Sunday, June 28, 2009
The likelihood of an Executive Order on "indefinite detention" is being widely discussed. For example, the Washington Post reported yesterday:
Glenn Greenwald at salon.com here has extensive coverage with lots of links and discussion, especially focusing on criticisms of Obama's failure to keep his campaign pledges to be different from Bush.
NPR, however, has reported on a proposal "from two experts outside of government" that "is already being discussed in the Obama administration." The proposal is from the Brookings Institution, heralded with this opening salvo: "A consensus is beginning to emerge in the public and political spheres concerning the non-criminal detention of terrorist suspects." The NPR story, however, has one of the two authors of the report acknowledging that " it will be controversial."
The proposal is definitely worth a look. Entitled "Designing Detention: A Model Law for Terrorist Incapacitation," and authored by Benjamin Wittes and Colleen A. Peppard, download here, the first 27 pages is an analysis and discussion. For scholars and policy analysists, this discussion provides an excellent overview of the controversies.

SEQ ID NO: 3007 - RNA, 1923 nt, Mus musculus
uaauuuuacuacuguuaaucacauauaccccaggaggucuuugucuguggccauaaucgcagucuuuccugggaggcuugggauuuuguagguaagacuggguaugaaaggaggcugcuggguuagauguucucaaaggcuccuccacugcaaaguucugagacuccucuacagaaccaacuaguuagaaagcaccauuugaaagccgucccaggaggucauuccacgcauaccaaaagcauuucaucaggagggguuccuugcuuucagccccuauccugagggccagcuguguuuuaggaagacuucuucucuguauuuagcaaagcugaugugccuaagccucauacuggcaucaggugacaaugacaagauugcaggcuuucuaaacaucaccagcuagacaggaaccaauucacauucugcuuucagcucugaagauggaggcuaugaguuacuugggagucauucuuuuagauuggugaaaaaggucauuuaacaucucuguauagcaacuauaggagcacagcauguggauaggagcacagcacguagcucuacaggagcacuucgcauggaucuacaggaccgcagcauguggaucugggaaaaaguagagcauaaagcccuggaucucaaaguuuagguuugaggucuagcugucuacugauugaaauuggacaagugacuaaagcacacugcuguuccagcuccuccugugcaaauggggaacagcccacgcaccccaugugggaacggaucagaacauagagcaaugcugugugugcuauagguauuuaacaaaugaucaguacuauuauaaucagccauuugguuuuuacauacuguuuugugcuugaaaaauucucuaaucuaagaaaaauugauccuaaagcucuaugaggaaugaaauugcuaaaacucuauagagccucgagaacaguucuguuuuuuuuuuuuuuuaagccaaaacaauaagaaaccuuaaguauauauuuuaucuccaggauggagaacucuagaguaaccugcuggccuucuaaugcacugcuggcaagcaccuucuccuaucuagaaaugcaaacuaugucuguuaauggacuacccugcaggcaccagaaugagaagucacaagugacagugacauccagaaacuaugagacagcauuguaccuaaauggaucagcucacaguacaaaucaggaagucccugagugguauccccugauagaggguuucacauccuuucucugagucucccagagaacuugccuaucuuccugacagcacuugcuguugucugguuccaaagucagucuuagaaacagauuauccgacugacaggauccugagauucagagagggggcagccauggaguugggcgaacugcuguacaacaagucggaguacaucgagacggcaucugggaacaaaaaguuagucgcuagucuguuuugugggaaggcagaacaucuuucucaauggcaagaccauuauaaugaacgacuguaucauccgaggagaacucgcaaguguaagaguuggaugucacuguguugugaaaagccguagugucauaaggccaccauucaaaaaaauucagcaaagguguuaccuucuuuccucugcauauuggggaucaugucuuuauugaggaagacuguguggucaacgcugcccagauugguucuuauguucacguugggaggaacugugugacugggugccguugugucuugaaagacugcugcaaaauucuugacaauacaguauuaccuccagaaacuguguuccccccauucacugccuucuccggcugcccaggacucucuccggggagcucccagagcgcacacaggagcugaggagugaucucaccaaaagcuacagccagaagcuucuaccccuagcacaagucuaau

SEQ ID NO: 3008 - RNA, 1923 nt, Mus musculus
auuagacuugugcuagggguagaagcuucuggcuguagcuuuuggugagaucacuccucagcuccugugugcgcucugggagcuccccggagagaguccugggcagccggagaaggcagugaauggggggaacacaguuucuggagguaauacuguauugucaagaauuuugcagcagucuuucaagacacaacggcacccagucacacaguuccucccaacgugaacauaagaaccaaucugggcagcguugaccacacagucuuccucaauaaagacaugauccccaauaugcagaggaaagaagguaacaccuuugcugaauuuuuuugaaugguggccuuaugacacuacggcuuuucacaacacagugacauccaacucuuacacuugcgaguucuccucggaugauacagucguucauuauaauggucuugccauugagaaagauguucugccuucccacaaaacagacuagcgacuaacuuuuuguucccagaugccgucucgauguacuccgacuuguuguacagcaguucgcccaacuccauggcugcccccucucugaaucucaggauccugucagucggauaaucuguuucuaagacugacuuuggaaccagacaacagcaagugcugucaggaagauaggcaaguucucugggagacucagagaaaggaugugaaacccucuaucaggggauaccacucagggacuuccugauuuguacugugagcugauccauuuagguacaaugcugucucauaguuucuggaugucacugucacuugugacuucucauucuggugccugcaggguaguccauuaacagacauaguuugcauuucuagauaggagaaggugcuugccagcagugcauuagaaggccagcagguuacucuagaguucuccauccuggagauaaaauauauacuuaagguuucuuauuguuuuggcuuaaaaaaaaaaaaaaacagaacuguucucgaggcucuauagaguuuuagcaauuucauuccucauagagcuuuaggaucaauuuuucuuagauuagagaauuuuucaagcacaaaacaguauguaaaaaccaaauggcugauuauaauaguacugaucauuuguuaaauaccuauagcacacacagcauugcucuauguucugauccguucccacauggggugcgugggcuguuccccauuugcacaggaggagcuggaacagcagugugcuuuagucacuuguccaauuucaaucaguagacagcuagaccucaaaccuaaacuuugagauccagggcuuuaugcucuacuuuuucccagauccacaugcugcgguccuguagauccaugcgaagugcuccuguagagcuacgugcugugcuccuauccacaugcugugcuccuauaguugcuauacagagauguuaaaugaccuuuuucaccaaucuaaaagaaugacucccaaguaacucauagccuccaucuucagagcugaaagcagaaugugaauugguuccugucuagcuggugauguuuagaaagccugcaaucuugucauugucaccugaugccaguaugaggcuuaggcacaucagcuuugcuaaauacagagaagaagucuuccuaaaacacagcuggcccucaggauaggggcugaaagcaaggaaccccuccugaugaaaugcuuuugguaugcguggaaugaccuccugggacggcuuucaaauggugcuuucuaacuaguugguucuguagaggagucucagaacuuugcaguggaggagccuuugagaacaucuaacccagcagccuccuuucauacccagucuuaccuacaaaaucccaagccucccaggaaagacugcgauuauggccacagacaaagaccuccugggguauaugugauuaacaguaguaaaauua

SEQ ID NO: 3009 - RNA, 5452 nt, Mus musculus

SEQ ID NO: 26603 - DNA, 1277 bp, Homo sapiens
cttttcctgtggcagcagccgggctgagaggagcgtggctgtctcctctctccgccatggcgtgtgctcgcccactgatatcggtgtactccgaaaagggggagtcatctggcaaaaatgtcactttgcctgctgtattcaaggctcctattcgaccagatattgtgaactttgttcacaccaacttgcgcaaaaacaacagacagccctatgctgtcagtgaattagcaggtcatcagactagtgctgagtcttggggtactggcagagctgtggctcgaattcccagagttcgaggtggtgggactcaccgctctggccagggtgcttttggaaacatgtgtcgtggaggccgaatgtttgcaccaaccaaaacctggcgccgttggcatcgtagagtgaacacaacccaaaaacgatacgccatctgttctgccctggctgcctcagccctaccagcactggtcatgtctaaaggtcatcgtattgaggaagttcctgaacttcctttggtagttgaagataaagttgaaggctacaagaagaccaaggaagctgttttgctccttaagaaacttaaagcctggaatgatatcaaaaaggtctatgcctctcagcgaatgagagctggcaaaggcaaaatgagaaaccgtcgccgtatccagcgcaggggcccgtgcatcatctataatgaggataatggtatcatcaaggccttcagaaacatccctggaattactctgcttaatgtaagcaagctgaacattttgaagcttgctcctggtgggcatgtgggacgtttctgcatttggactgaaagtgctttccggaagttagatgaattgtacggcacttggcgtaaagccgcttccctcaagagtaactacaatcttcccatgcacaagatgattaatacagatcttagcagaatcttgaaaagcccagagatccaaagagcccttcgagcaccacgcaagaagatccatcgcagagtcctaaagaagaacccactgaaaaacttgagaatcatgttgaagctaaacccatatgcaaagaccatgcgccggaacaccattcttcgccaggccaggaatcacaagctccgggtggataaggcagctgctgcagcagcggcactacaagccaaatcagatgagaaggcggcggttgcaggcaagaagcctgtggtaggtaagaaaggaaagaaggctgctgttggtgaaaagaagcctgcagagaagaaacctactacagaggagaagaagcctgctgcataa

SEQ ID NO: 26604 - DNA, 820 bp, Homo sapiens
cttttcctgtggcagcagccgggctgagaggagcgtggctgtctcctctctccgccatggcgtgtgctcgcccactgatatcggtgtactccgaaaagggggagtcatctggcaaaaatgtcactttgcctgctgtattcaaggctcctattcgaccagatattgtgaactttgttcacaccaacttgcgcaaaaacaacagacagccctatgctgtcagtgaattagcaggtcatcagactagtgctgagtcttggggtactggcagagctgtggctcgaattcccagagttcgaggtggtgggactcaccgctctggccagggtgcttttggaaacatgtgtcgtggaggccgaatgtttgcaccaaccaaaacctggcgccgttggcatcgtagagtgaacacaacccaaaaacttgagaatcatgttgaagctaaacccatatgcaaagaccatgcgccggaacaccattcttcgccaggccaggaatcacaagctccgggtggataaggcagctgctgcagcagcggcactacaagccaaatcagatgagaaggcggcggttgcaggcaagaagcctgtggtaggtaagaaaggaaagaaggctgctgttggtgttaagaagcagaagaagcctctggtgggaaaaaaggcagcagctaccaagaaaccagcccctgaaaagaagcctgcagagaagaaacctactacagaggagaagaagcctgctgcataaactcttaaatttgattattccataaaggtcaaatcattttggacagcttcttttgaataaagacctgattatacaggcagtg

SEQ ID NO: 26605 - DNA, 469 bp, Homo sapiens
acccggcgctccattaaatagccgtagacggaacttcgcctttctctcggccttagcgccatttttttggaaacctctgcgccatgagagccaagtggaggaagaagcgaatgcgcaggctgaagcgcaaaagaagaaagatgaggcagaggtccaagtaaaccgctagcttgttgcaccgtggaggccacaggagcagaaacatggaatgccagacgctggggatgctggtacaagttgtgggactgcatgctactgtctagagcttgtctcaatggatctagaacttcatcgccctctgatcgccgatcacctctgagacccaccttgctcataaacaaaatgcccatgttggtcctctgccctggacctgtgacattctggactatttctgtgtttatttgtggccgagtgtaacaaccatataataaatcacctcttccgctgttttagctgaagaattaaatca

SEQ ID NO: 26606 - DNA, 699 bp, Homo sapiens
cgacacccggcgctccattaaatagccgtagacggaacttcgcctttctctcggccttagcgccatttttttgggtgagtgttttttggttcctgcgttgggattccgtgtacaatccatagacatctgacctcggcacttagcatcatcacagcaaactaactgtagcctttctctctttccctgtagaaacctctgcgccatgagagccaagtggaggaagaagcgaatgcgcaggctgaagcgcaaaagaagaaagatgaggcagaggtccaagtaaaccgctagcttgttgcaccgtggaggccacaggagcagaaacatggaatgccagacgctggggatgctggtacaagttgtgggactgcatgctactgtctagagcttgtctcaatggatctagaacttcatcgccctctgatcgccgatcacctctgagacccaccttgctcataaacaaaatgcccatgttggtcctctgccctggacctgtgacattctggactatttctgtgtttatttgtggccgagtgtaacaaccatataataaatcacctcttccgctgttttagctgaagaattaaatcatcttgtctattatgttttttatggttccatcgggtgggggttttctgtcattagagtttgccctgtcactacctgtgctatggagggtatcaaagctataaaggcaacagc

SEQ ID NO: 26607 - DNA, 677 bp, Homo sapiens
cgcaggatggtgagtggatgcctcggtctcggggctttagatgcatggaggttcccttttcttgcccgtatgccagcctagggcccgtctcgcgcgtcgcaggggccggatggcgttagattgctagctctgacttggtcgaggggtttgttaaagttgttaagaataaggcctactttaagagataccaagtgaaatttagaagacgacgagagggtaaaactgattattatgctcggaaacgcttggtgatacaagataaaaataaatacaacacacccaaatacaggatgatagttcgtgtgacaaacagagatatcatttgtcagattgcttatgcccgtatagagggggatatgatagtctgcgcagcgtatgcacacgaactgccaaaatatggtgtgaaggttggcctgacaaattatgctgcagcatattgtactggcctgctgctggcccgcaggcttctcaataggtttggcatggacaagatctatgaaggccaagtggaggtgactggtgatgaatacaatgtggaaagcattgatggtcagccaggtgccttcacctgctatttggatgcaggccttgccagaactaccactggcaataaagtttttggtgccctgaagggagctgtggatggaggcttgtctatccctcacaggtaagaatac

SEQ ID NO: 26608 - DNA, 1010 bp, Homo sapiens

The last 10 pages - - - the Appendix - - - is actually a model statute (or perhaps Executive Order?). It provides from some judicial oversight, although a suspension of the rules of evidence during those hearings, and numerous other specifics. For those teaching this summer, whether in the US or elsewhere, this proposal would make an excellent exam question.